It's been almost a week since I visited the National World War I Museum in Kansas City, Mo. I have been thinking about it since.
The museum itself is breath-taking. Before entering, patrons are welcomed by the 217-feet tall Liberty Memorial. It not only pays tribute to fallen WWI soldiers, but it also offers a great view of the city.
The first exhibit inside the museum is a glass bridge over a field of 9,000 silk poppies, each representing 1,000 fallen soldiers (which adds up to 9 million). I was a little confused by that number because another display showed more than 10 million fatalities between just Germany and Russia. I think those numbers must have included civilians as well while the poppy display was only taking into account soldiers. If anyone can confirm or deny this, I would greatly appreciate it.
Setting up the experience is a 15-minute documentary with archival footage and detailed narration. It was moving, but what caught me the most was the end of the film as words scrolled up the screen detailing how quickly each country got involved and which country they attacked following the (accidental?) assassination of Franz Ferdinand. The movie also explained the unrest in Europe before the Archduke of Austria's untimely death.
One museum staffer explained that Ferdinand's motercade had taken a different route, hence the question mark above. However, the 18-year-old "revolutionary" saw him go by and took the shot. He died in prison three years later from TB.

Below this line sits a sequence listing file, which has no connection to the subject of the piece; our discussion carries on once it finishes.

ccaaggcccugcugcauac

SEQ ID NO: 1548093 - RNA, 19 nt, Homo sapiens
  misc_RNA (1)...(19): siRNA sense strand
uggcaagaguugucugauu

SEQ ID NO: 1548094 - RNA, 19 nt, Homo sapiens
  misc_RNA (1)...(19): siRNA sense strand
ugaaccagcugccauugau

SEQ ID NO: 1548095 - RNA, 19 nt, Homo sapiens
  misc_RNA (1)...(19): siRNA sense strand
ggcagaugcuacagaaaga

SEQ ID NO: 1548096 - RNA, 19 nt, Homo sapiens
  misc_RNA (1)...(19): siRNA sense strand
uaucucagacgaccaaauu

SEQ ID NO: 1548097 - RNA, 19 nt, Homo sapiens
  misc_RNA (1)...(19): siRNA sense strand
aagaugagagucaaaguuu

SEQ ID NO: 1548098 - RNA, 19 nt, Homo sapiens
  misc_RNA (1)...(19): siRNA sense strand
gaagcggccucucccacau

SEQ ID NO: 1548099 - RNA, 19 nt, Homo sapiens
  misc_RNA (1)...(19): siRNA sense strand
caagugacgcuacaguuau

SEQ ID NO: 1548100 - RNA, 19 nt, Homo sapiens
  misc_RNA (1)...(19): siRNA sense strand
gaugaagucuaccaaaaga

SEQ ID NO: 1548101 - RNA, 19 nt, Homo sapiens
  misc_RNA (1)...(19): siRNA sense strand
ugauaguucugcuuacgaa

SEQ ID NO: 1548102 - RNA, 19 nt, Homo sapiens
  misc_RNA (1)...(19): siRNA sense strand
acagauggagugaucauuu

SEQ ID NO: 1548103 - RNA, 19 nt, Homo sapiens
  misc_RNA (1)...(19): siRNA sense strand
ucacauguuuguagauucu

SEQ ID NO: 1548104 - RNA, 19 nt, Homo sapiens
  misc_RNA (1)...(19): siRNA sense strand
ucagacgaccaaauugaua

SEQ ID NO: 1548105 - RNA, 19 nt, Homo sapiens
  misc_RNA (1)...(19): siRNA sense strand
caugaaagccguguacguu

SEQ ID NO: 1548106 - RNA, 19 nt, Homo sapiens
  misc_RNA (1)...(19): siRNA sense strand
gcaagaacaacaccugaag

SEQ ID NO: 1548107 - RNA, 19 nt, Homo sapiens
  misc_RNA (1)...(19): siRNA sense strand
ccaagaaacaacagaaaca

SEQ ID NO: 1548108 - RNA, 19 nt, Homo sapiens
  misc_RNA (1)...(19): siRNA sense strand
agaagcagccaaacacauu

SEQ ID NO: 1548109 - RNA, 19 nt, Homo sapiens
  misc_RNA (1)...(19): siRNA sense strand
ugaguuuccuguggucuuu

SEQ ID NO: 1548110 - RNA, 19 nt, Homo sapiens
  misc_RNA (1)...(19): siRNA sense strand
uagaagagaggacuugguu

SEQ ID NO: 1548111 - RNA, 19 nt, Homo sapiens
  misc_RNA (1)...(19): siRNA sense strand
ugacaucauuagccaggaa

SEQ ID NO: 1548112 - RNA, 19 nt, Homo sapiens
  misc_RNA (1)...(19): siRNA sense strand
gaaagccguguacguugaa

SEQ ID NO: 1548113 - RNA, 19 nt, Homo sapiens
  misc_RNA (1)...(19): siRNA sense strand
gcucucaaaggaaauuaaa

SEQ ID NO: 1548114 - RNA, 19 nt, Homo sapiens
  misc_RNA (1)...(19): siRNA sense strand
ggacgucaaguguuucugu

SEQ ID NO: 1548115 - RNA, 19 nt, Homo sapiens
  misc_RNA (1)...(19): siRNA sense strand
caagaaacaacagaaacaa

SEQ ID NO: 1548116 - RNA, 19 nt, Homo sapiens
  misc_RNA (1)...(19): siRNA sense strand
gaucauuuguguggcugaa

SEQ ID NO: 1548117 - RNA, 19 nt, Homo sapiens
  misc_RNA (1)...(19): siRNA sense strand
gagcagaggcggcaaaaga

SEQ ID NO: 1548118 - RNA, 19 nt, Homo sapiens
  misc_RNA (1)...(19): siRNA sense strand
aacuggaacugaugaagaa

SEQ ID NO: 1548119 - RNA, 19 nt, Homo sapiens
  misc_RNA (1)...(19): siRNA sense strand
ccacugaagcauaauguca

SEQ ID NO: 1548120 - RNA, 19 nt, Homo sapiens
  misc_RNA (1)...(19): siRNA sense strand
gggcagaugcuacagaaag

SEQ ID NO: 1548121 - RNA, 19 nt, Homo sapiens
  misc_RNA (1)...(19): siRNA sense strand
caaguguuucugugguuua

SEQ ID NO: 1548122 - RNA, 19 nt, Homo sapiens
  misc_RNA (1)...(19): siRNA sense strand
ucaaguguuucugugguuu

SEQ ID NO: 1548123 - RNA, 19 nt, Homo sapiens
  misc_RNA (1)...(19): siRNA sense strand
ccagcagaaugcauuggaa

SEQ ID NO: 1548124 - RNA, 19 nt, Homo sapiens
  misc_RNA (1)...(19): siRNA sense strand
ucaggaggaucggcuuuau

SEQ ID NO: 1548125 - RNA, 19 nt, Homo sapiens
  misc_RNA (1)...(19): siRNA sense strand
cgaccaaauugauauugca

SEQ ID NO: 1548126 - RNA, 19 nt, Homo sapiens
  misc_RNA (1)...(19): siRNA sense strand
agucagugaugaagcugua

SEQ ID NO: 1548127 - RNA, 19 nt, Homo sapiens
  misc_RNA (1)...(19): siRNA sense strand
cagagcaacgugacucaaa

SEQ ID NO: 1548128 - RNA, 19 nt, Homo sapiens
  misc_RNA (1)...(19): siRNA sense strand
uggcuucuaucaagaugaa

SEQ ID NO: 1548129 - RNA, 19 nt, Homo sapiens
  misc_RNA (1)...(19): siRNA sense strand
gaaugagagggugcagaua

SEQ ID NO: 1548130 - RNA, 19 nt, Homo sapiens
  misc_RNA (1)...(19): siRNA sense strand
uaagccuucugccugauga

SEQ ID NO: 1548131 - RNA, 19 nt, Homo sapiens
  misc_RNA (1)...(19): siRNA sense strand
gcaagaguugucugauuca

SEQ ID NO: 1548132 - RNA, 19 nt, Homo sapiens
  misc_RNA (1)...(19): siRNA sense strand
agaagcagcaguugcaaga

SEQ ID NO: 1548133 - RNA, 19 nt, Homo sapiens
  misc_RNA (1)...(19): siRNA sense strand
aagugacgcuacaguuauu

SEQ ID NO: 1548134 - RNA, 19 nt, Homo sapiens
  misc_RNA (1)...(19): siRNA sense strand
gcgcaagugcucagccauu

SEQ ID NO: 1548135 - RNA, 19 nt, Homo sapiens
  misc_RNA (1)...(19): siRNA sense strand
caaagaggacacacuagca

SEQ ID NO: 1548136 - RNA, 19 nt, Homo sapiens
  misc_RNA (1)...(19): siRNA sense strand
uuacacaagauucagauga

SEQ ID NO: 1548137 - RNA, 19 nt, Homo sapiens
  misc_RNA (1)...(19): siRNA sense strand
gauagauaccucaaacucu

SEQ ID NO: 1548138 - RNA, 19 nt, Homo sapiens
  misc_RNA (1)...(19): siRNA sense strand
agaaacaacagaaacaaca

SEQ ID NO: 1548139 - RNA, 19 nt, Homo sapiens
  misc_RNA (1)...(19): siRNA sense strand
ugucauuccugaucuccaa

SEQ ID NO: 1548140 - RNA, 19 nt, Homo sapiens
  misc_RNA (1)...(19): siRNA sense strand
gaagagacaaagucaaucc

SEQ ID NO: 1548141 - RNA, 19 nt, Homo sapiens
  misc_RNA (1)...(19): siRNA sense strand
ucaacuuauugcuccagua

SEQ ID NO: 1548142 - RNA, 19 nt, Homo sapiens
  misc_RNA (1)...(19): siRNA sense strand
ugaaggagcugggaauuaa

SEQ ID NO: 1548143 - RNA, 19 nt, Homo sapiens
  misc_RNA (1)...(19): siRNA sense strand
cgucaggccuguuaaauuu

Numerous anecdotes and facts like that filled the walls and displays. A month-by-month timeline detailed key moments throughout 1914-17 (before the U.S. got involved) and 1917-1919 (from the U.S. involvement to the end of the war). Popping out from the black text were red quotes from a wide variety of involved individuals. As a journalist, I took special interest in how those individuals told their stories and assessed situations.
I also couldn't help but notice the Pulitzer Prize was first awarded in 1917. As my friend's dad said, journalism was at a peak then. Well, at least in America. In Germany, more than 2,000 papers went out of business due to paper rations. I suppose that made news more of a rare commodity.
I could go on and on about this place.
It definitely has something for everyone. In addition to the written history and statistics which appealed to me, they also had numerous weapons displays (rumor has it they're expanding in August), uniform displays, multimedia experiences and two additional buildings we didn't get to peruse in our four-hour visit.
WWI was supposed to be the war to end all wars. We know that did not happen. In fact, it was just the beginning for Lenin, Hitler, etc.
It's easy to want to forget about war. But, I offer this caution: If we forget, we may be harshly reminded sooner rather than later.